It's Phalaenopsis "Brother Coral" x "Everspring Pearl." And guess what? It's fragrant!! I do like it! Worth the wait!
With orchid crosses like this, people hand-pollinate the flowers with a brush, and when the dustlike seeds form and ripen in the pod, they scatter them on agar (a seaweed derived nutrient medium gel) in a closed flask. When the seeds germinate, they're almost microscopic. The seedlings are grown on in the flask until they're big enough to transplant. You don't really know for sure what you'll get, since some seedlings will have more properties of one parent than the other. Buying seedlings is a bit of a crapshoot, but I like that kind of gamble.
Iwangara 'Appleblossom" is a hybrid cross of Brassaevola, Cattleya, Diacrium (Caularthron) and Laelia orchids. Yes. A quadrigeneric hybrid. This is part of what is so dang cool about orchids. They are man-made, and yet manage to be so beautiful through it all. Someone decides he (or she) likes the growth habit of one, the fragrance of another, the color of another, the form of another, let's say, and crosses the plants and comes up with something unknown in nature, something virtually unnameable. So then they have to come up with a new genus name for this creation. Hence the bizarre genus Iwangara. It has a terrific growth habit, with nice fat pseudobulbs and springy arching paired leaves. And, like most of my others, it's wildly fragrant. Stinks up the room, it does. Ahhhh. In the picture below, you get a hint of that growth habit. Big plant! Has its own pedestal.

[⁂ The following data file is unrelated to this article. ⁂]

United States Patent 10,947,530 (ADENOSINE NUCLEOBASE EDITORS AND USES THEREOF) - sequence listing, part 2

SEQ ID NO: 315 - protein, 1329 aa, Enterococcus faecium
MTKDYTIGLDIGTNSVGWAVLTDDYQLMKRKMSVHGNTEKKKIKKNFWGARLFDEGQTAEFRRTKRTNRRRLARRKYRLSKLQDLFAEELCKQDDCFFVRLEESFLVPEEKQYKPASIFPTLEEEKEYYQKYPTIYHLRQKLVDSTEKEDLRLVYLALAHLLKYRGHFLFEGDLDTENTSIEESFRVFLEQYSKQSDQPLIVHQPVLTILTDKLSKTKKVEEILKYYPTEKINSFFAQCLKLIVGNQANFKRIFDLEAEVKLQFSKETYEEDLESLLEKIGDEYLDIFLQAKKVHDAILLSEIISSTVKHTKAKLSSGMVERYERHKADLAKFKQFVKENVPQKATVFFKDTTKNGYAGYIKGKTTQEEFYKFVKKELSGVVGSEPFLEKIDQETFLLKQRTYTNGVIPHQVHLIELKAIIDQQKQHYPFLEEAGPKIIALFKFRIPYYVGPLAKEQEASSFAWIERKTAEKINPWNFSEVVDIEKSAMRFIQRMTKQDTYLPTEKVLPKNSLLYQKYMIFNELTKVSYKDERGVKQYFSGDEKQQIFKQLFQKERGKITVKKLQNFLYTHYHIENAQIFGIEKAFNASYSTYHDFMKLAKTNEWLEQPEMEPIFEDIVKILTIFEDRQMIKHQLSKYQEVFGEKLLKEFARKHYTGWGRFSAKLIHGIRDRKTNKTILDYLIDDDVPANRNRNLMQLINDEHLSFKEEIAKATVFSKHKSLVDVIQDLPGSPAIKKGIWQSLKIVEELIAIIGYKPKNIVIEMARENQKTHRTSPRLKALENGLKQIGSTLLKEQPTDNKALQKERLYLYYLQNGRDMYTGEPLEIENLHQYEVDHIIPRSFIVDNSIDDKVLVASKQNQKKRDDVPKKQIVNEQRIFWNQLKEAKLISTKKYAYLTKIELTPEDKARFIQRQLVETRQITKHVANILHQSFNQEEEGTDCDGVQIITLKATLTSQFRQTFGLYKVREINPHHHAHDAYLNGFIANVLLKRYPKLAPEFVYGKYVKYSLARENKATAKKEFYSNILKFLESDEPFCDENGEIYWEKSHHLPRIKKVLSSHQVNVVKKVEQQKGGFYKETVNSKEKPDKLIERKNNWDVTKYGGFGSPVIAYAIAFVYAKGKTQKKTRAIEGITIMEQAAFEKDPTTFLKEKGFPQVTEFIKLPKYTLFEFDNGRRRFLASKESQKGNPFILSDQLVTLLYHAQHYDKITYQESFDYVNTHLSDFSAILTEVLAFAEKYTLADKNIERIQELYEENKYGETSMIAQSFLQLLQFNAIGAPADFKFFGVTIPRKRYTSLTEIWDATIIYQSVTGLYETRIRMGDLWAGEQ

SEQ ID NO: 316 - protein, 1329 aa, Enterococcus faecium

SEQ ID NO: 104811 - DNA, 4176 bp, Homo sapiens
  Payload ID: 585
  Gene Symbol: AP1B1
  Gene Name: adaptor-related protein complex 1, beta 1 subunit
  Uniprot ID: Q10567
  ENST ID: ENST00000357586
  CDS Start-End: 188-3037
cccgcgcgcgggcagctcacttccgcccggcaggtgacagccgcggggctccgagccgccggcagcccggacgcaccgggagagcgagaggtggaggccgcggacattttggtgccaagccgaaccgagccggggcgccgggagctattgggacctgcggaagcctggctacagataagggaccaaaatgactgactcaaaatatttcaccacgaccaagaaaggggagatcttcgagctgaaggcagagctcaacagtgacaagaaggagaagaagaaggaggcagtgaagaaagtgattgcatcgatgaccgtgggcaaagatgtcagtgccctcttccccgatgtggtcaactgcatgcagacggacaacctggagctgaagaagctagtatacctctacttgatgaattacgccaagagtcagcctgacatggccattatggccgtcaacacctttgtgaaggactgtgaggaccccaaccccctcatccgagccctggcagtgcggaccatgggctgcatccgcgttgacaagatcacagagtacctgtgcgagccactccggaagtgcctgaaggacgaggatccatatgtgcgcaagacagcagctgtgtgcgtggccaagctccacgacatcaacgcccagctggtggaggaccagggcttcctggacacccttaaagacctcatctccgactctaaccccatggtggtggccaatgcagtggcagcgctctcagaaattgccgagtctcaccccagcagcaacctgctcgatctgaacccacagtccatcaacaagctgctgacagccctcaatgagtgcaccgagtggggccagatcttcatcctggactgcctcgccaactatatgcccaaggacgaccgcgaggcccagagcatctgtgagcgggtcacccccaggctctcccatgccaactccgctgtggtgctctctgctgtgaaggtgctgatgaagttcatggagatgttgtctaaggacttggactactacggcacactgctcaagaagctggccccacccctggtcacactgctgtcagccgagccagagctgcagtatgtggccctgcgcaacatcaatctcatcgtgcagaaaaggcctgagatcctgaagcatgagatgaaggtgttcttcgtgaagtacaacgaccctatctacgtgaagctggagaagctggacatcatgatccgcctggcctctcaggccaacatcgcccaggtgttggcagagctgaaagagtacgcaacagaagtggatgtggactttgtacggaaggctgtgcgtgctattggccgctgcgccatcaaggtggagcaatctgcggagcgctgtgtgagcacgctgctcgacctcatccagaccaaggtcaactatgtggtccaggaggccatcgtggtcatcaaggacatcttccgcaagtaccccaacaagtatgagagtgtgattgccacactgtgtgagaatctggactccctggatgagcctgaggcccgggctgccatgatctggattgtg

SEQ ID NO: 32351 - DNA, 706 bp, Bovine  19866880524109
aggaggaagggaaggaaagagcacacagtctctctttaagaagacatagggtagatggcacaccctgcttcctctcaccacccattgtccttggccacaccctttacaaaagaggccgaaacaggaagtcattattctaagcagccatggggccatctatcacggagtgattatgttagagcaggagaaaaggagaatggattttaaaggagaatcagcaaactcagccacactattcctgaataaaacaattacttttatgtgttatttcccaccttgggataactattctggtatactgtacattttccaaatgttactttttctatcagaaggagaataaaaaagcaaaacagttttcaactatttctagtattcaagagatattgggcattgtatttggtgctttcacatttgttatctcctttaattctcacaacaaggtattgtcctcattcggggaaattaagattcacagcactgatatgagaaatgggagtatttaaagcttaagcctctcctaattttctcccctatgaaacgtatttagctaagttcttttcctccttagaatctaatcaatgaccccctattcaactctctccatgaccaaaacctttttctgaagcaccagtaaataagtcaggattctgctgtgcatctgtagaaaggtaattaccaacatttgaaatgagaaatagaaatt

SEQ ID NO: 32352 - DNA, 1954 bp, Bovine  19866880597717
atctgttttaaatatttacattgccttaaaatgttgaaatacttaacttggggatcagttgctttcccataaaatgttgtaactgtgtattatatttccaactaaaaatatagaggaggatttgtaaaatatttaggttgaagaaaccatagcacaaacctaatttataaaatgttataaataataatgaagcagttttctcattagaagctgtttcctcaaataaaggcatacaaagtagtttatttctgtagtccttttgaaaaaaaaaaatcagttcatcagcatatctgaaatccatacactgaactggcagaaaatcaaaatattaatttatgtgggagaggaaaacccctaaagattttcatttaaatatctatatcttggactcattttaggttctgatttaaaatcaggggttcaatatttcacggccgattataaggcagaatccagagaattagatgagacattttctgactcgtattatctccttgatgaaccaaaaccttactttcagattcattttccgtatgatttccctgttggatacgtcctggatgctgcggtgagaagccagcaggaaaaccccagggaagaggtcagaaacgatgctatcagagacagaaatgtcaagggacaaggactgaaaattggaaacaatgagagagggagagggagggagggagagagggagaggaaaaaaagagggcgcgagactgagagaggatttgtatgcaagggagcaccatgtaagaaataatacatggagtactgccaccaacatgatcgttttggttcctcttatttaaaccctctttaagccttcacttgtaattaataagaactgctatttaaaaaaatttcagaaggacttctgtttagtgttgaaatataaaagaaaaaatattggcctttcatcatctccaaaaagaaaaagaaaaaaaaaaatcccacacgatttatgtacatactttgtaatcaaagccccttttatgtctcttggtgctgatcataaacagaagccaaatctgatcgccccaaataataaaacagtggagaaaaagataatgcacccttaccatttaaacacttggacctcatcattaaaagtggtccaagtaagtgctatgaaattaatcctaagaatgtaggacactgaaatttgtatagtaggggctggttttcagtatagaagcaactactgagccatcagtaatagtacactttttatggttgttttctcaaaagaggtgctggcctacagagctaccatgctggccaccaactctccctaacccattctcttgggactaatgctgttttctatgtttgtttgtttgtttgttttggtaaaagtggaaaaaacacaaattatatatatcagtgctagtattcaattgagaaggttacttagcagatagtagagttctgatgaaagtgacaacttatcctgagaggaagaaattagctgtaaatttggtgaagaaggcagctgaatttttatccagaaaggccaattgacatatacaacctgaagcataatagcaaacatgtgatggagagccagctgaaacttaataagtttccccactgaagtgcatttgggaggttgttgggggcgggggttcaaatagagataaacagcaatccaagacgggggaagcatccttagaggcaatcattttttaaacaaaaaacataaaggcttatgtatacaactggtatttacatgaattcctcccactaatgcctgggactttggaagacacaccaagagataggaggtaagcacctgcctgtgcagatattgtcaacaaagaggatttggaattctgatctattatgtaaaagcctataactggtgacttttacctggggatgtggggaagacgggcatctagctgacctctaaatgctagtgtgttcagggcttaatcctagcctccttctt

For pure bizarreness, it's hard to beat the Paphiopedalums, or slipper orchids. This is Paph. Emerald "Buint Ruby" x Paph. superbens "King." They're the most fun to photograph, with light coming through their petals.
Psychopsis Mendenhall "Hildos."
Since I wrote this post, I found that the bud had swelled and enlarged until it looked like an elf's shoe. Yesterday, I photographed it, but I was troubled by its color--a bit yellow. This morning, I looked closely at the bud again, and touched it oh so gently with a fingertip, whereupon it promptly fell off. Well, isn't that special. You wait since February and watch this thing grow to three feet and you know it only has one flower at a time but that one's a lollapalooza, and the very first bud falls off before it opens. However...there is another bud right beneath the stump of the first one, and I choose to interpret this inauspicious event as the plant trying not to bloom while I'm off giving a talk somewhere. Ahem.
Can I get an ARRRGHHH from the choir? It was my personal Belmont Stakes moment.